With summer in full swing, more British Columbians are heading to pools, rivers, lakes and the ocean to cool down and relax. While water activities can be fun, they come with a risk of drowning for those who aren’t prepared.
Drowning can happen quickly and quietly. In recent years B.C. had an average of 74 drowning deaths per year, and it is the leading cause of death for children aged one to four.
“Drowning deaths are always devastating because they happen unexpectedly to healthy individuals, and so many involve small children,” said Dr. David Evans, trauma surgeon at Vancouver General Hospital. “Parents need to be hyper vigilant when kids are around water.”
Even surviving a near-drowning experience can have serious consequences. A person can suffer life-long effects such as brain damage, and an incident in which water has entered the lungs can cause complications – even death – up to three days following the incident.
Using common sense is key in preventing drowning. “Adolescents and adults need to be smart about alcohol and other intoxicants around water,” adds Dr. Evans. He also recommends that wherever possible, parents ensure their children complete the swimming programs offered by the Red Cross. “The best investment is to become a strong swimmer.”
July 21 to 27 is National Drowning Prevention Week, designated by the Lifesaving Society of BC and Yukon to bring awareness and education to prevent drowning.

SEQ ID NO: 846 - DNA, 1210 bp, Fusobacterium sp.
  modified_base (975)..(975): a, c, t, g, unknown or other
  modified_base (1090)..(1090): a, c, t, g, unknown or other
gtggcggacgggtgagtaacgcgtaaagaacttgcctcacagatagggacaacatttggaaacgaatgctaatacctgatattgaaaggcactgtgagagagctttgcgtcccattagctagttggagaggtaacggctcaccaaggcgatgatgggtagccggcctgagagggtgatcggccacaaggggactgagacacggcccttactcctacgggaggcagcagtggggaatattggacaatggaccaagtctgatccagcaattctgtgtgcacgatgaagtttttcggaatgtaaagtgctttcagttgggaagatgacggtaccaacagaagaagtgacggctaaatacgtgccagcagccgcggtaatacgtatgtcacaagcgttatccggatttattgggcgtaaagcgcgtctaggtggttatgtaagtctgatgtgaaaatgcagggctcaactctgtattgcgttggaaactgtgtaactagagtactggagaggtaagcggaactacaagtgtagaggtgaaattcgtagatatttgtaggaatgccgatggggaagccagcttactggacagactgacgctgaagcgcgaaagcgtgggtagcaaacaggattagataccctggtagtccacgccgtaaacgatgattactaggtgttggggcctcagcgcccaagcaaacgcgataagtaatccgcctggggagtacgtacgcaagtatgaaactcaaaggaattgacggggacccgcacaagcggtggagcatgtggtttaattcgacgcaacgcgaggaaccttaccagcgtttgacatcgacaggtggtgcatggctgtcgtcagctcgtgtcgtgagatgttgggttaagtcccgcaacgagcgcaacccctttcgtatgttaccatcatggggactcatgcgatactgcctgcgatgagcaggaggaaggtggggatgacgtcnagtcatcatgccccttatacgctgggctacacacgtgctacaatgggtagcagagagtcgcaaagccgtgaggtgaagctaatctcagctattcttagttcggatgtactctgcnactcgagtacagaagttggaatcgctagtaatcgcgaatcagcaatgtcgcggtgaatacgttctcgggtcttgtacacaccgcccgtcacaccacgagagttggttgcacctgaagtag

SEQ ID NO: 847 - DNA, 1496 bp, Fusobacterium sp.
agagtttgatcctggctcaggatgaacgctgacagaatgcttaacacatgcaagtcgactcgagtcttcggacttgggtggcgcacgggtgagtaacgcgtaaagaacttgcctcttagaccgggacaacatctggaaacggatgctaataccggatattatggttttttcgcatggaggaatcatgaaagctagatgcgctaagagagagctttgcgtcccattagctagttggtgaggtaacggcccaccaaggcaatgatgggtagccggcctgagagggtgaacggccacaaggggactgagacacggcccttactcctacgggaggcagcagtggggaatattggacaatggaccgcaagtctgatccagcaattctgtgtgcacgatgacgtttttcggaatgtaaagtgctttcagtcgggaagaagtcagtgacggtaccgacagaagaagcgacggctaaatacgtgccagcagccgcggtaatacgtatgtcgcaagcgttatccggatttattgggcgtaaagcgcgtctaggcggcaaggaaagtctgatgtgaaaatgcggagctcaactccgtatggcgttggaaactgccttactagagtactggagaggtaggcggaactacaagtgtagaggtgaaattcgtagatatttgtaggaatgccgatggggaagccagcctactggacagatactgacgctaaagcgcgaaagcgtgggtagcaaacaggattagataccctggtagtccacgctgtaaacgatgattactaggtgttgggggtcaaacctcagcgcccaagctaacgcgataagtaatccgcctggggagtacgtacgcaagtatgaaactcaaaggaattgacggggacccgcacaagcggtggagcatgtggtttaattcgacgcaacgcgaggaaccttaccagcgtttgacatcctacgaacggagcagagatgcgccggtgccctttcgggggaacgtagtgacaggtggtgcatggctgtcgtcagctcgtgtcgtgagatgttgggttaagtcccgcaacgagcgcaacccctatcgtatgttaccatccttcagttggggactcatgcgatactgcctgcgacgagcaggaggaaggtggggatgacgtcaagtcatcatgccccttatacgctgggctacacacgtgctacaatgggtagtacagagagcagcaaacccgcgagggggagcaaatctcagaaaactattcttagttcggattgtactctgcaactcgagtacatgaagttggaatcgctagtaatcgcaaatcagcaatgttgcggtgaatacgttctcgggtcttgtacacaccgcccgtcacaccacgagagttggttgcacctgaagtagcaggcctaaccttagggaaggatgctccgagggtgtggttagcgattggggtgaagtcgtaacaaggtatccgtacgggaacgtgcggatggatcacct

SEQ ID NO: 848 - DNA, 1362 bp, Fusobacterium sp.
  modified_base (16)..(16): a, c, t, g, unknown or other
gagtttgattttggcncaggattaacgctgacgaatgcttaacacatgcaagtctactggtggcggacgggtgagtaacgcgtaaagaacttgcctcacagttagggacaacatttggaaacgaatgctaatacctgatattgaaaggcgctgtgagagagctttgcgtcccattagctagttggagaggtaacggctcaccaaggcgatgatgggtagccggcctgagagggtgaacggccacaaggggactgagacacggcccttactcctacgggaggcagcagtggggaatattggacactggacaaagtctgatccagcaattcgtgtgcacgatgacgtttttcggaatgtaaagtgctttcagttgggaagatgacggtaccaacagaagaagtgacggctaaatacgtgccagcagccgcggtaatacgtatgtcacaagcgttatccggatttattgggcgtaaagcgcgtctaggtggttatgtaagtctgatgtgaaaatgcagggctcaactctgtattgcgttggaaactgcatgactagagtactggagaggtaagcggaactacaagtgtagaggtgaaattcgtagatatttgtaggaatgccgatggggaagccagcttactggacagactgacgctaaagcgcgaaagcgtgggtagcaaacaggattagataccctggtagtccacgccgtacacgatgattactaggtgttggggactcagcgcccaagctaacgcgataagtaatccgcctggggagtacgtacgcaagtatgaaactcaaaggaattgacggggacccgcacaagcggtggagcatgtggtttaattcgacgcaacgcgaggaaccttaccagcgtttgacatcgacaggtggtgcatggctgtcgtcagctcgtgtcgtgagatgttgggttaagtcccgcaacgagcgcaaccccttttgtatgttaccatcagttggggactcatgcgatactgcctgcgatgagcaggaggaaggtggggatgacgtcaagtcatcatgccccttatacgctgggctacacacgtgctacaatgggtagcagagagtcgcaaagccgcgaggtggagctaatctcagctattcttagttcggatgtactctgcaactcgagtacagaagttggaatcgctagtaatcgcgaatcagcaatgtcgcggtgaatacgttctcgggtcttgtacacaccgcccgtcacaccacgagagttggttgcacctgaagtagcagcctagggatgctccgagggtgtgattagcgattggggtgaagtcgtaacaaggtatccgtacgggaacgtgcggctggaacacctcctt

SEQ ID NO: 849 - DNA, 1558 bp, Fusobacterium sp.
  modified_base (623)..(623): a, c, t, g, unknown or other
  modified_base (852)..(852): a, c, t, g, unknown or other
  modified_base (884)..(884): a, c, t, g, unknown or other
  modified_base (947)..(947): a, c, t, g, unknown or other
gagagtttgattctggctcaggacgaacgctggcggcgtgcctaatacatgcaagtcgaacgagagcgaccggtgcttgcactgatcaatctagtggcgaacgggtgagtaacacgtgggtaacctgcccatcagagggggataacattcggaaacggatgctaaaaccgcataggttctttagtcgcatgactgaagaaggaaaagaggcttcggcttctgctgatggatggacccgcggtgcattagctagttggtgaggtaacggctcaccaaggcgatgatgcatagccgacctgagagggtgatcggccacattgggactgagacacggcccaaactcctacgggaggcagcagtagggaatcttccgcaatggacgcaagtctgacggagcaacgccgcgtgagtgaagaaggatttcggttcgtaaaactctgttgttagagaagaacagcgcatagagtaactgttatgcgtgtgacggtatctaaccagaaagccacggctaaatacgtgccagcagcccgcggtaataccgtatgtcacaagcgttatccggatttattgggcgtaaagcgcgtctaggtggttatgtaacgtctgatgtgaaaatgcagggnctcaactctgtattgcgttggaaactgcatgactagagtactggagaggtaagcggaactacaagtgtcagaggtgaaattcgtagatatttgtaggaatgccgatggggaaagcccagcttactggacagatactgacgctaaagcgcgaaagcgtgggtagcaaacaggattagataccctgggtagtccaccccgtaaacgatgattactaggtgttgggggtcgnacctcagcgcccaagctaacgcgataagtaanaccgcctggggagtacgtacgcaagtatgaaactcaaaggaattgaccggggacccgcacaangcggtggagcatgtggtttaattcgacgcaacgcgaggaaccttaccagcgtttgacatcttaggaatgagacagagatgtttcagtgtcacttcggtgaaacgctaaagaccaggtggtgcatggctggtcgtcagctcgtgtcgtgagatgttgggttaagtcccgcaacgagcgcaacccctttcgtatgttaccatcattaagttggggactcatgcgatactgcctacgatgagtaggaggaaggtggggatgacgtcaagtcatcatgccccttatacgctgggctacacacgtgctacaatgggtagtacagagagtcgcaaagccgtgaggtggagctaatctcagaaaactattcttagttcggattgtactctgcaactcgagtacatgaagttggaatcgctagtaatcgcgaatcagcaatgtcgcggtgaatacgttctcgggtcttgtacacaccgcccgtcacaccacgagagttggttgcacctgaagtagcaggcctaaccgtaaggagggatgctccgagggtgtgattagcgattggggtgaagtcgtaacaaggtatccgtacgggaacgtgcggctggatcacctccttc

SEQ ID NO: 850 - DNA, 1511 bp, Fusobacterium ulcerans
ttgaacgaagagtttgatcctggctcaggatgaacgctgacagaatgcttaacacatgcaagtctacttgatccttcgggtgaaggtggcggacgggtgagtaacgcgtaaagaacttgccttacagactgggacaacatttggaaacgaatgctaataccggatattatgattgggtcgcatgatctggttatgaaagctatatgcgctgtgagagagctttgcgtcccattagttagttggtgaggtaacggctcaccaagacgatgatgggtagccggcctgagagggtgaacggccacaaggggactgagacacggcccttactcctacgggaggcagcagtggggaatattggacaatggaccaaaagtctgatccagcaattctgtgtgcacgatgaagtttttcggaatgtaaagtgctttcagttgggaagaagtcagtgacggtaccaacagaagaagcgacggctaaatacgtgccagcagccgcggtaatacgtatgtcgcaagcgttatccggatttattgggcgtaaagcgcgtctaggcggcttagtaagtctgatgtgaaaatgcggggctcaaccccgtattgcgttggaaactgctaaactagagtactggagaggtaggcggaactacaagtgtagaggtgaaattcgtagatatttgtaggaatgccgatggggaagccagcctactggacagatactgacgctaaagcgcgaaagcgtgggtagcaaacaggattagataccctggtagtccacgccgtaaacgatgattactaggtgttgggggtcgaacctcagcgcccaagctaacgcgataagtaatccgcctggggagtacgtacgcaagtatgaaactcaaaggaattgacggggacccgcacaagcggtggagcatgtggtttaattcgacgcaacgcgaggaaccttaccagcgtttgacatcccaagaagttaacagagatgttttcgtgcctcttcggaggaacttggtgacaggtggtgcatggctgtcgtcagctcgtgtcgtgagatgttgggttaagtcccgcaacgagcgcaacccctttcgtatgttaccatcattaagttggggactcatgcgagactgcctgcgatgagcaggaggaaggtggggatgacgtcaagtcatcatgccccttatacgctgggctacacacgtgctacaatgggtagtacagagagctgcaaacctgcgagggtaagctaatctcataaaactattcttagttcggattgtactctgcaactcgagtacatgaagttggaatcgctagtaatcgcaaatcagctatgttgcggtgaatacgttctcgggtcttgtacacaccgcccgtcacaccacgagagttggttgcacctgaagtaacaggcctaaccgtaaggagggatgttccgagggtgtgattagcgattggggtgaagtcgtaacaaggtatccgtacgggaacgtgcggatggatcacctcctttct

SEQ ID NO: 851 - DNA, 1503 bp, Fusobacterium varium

There are many ways to be water smart to keep you and your loved ones safe.
- Build a fence with a self-closing, self-latching gate to surround all pools, including inflatable pools.
- Make sure children are well supervised by responsible adults at all times in and around water.
- Enroll yourself and your child in swimming lessons.
- Ensure everyone is wearing an approved personal flotation device (PFD) or lifejacket on a boat, at the beach, or at the lake.
- Learn CPR and/or lifesaving techniques.
- Refrain from using alcohol before or during swimming or boating activities.
- In B.C., 60 per cent of drowning deaths among children and youth happen in natural waters during swimming or activities such as boating and jet skiing
- The greatest number of drowning deaths occur among males in natural water (46 per cent) and water transport (28 per cent).
- Drowning is the leading cause of death in B.C. for toddlers aged one to four, who tend to drown in bathtubs or swimming pools.
- Among the survivors of near-drowning, 20 per cent sustain permanent brain damage.
Trauma Services BC is dedicated to ensuring optimal care for trauma patients in British Columbia. Learn more at the Trauma Services BC website.